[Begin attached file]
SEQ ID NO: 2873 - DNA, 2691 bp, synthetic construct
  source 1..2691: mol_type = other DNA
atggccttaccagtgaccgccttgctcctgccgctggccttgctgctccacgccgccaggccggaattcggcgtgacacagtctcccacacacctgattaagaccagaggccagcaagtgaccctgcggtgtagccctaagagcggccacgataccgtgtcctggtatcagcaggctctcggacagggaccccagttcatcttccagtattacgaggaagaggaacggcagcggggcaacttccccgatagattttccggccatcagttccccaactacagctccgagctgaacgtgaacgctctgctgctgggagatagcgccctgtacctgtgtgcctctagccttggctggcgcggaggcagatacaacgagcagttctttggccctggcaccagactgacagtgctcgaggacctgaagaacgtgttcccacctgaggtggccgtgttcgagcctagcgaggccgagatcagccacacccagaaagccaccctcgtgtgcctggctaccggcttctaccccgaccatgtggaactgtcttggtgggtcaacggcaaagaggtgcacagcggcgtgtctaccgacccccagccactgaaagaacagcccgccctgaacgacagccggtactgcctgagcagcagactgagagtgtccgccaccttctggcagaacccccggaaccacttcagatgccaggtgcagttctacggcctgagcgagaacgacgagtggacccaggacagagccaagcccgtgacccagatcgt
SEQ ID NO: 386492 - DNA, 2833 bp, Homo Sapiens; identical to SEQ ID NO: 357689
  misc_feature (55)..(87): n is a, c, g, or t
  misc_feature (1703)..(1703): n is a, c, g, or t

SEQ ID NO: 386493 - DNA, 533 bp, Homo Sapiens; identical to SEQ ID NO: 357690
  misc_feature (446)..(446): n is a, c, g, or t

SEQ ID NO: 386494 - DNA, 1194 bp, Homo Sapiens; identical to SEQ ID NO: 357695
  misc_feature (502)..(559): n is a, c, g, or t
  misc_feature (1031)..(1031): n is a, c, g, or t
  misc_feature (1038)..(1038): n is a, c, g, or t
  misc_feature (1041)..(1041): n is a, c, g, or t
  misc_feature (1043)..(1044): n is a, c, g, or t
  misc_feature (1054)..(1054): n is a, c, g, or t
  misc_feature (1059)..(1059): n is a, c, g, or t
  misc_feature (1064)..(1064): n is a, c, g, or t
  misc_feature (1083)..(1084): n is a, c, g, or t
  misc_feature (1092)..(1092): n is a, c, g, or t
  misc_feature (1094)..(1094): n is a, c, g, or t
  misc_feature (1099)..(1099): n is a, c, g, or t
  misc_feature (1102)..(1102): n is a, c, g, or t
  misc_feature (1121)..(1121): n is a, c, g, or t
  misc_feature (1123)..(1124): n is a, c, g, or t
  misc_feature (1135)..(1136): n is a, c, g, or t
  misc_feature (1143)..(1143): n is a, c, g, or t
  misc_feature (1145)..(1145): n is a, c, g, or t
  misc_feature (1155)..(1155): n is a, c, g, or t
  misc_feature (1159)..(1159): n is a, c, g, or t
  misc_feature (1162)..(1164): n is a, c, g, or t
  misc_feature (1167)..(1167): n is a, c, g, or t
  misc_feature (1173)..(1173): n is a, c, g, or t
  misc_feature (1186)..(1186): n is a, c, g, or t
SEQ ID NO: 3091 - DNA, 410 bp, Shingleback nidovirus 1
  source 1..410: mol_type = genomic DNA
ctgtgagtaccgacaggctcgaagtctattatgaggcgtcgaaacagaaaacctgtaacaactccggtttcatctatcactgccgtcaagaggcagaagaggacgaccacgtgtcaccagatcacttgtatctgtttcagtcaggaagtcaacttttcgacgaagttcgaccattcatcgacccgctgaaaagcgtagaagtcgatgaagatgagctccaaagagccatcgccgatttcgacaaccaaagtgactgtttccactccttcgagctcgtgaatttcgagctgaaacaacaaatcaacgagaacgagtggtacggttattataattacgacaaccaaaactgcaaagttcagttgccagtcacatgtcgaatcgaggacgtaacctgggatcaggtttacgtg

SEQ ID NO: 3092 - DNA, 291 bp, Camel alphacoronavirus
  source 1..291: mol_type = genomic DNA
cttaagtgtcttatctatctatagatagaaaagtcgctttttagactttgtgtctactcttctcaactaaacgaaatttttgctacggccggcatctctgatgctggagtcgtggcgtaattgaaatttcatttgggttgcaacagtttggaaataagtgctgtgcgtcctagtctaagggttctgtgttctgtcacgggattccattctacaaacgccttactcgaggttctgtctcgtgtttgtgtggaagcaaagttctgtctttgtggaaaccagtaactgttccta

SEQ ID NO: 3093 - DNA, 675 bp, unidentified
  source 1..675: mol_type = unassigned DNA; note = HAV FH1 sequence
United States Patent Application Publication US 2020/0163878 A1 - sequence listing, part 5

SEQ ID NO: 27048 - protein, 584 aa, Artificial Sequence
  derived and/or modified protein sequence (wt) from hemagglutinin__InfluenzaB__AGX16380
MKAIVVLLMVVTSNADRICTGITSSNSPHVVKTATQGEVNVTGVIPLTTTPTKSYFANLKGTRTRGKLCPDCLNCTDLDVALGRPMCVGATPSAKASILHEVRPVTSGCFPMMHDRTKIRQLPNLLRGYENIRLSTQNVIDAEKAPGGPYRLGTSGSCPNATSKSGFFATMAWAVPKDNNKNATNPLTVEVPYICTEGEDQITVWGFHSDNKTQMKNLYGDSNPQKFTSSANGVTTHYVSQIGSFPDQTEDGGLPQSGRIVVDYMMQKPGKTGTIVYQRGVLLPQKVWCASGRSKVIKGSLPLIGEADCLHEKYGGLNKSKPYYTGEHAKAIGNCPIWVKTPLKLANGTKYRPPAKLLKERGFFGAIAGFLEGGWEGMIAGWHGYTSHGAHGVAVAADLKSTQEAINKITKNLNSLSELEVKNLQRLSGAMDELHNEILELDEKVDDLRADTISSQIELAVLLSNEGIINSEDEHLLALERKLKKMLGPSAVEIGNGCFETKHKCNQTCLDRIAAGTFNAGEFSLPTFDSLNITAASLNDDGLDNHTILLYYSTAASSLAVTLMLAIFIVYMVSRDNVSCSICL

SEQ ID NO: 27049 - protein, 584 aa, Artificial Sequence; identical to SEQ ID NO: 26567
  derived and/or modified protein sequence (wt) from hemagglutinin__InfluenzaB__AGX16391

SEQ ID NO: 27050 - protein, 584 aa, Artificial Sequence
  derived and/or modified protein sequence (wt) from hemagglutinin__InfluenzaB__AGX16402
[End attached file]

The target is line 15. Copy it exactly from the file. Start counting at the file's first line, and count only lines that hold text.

  misc_feature (1054)..(1054): n is a, c, g, or t